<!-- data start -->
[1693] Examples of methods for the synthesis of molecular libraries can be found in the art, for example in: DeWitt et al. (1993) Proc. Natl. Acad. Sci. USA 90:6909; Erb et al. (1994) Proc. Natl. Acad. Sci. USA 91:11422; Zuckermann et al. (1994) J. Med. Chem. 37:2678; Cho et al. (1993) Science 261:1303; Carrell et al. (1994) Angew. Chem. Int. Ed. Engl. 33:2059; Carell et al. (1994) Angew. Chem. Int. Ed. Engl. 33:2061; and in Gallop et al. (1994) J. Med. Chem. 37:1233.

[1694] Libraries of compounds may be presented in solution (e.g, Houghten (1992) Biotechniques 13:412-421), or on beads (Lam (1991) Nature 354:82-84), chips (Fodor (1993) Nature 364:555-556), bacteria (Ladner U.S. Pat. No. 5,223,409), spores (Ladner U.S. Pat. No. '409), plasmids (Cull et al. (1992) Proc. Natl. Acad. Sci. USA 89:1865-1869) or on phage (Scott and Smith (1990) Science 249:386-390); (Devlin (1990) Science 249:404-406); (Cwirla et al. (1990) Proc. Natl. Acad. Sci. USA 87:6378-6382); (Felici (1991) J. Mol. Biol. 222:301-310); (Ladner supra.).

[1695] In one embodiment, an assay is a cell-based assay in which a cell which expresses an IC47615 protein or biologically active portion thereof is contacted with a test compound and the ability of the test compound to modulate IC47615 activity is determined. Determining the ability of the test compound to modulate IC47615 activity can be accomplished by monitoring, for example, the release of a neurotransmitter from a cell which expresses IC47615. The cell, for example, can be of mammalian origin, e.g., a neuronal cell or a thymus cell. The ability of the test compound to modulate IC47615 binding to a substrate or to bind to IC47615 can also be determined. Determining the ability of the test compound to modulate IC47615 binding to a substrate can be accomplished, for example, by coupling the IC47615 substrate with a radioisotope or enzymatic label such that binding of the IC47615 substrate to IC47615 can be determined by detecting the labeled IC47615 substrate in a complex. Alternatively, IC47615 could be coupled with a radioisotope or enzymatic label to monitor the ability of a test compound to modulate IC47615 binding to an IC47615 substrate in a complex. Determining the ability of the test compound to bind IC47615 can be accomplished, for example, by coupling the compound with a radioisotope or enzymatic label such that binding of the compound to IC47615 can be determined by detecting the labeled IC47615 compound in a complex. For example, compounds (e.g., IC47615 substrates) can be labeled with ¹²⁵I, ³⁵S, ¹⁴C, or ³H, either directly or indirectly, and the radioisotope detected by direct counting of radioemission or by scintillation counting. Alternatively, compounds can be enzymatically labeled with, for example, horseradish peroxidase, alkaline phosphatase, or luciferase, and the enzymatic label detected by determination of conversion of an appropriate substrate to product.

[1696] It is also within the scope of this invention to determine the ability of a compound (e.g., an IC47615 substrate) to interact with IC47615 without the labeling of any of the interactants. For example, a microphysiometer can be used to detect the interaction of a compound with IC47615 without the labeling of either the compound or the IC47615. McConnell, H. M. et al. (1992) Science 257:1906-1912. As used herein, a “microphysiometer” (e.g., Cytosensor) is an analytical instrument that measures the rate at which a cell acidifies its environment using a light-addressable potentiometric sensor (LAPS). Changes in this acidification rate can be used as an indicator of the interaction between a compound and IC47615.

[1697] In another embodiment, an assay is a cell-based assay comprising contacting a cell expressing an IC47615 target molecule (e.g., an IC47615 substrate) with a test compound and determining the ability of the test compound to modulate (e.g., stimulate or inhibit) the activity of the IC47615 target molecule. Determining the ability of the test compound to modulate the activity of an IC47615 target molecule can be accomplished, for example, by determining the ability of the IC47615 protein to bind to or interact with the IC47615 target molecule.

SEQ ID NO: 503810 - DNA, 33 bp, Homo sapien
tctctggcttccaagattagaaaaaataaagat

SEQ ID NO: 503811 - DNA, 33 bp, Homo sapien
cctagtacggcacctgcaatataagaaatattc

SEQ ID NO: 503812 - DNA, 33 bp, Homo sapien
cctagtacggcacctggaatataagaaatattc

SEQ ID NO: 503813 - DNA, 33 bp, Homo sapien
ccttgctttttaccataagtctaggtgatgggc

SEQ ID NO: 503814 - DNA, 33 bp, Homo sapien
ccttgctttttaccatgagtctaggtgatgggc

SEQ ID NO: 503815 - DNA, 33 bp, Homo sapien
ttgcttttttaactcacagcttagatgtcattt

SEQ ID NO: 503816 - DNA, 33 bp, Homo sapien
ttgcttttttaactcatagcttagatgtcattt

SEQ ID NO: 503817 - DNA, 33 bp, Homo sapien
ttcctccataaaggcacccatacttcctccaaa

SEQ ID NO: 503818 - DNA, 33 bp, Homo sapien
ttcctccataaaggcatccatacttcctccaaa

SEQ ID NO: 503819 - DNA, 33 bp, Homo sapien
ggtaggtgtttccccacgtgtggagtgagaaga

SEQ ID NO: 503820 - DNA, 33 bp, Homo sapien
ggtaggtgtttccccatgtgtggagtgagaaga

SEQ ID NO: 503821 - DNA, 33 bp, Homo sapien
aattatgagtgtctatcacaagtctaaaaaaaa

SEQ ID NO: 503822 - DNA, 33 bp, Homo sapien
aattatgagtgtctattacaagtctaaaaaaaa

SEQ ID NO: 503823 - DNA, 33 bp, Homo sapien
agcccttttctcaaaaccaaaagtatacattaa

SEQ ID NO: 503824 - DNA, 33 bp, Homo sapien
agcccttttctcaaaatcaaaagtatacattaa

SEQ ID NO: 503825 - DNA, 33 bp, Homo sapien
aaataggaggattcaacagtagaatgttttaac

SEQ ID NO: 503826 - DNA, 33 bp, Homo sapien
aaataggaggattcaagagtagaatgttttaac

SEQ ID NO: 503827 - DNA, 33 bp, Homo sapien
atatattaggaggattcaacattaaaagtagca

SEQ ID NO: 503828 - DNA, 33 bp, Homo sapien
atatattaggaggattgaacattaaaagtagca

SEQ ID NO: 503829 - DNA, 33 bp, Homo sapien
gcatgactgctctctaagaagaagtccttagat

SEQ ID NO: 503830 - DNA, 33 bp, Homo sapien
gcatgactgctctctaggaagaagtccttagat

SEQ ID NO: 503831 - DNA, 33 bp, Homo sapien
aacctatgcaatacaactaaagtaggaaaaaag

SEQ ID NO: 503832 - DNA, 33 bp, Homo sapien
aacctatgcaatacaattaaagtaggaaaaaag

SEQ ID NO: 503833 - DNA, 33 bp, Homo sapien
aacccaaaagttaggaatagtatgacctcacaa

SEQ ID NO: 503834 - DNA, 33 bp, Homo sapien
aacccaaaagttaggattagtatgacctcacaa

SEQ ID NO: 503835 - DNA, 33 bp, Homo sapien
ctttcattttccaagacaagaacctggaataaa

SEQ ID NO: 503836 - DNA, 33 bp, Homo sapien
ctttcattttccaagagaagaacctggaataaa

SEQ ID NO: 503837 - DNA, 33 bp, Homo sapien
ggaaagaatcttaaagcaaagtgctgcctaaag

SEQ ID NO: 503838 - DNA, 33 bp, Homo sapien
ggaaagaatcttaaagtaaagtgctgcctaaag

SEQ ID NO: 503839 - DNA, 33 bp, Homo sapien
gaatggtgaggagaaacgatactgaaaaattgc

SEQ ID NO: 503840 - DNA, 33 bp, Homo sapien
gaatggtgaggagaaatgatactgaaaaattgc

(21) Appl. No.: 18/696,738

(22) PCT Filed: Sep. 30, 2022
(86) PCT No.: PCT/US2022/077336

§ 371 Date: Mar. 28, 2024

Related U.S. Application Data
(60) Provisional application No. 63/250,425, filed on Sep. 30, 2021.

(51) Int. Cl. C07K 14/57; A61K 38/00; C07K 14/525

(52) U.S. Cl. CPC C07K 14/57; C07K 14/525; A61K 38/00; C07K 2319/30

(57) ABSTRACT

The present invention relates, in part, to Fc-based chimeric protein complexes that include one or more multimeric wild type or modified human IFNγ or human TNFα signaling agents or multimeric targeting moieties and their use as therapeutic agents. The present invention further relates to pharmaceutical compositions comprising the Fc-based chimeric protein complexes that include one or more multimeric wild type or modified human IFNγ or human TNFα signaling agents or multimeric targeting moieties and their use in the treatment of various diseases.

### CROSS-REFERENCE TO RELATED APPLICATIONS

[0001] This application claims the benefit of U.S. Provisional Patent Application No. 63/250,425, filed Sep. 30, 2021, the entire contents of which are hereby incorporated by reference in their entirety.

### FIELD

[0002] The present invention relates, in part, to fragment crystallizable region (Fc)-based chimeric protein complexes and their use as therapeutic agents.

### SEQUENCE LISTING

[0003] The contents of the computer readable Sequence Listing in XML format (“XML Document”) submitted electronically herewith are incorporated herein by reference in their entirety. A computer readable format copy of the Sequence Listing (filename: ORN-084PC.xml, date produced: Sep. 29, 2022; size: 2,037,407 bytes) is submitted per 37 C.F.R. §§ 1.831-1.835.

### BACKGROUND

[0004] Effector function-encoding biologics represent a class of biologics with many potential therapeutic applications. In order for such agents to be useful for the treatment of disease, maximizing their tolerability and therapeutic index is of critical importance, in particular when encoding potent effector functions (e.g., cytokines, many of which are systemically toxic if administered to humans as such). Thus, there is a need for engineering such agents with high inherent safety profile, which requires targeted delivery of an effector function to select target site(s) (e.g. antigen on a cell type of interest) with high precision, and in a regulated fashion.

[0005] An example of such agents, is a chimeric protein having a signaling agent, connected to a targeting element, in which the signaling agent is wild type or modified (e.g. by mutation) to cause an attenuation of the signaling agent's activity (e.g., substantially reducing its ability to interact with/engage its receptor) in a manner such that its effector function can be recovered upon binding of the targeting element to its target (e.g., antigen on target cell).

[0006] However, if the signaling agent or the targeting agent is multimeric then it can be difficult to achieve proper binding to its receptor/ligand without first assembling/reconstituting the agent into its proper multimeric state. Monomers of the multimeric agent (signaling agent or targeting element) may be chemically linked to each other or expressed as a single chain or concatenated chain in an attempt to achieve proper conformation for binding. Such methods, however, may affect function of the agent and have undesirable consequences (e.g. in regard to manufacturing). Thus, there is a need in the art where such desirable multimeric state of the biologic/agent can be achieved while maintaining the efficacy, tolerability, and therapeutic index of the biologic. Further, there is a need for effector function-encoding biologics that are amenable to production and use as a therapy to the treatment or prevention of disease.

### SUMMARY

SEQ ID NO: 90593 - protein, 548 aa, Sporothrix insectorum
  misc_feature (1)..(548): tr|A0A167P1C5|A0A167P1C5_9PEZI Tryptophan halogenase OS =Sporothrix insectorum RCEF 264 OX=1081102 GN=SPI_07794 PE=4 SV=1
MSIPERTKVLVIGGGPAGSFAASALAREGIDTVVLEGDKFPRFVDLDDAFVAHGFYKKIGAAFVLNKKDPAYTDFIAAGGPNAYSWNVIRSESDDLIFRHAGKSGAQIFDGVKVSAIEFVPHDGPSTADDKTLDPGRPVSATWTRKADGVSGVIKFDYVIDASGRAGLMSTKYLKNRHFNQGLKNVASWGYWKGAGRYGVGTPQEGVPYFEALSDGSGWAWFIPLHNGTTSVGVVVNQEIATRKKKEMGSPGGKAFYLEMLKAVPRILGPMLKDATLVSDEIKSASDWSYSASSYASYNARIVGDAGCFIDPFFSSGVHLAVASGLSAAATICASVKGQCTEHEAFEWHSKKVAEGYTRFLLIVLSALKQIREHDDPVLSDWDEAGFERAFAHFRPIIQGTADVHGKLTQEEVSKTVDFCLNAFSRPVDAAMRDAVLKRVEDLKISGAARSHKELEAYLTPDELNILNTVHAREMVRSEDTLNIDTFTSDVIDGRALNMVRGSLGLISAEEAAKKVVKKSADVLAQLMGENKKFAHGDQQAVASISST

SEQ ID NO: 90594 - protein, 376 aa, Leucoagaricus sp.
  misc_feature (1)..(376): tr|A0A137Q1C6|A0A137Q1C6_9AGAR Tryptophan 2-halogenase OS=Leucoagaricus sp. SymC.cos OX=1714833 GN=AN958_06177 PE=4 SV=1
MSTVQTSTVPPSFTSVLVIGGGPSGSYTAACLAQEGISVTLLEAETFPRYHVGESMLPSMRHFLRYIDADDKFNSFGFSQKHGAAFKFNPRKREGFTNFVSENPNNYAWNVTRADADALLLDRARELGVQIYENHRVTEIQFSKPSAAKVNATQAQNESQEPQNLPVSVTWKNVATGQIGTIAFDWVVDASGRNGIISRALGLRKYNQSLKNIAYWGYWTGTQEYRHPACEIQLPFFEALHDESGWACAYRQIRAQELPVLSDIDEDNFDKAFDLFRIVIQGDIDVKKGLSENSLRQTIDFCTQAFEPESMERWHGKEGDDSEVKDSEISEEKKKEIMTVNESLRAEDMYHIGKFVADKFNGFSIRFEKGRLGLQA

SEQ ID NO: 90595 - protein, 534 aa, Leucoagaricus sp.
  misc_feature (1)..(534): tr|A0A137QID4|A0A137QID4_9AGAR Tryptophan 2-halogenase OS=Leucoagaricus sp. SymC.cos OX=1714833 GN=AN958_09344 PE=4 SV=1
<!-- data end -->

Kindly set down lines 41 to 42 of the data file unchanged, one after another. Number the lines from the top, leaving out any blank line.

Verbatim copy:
atatattaggaggattcaacattaaaagtagca

SEQ ID NO: 503828 - DNA, 33 bp, Homo sapien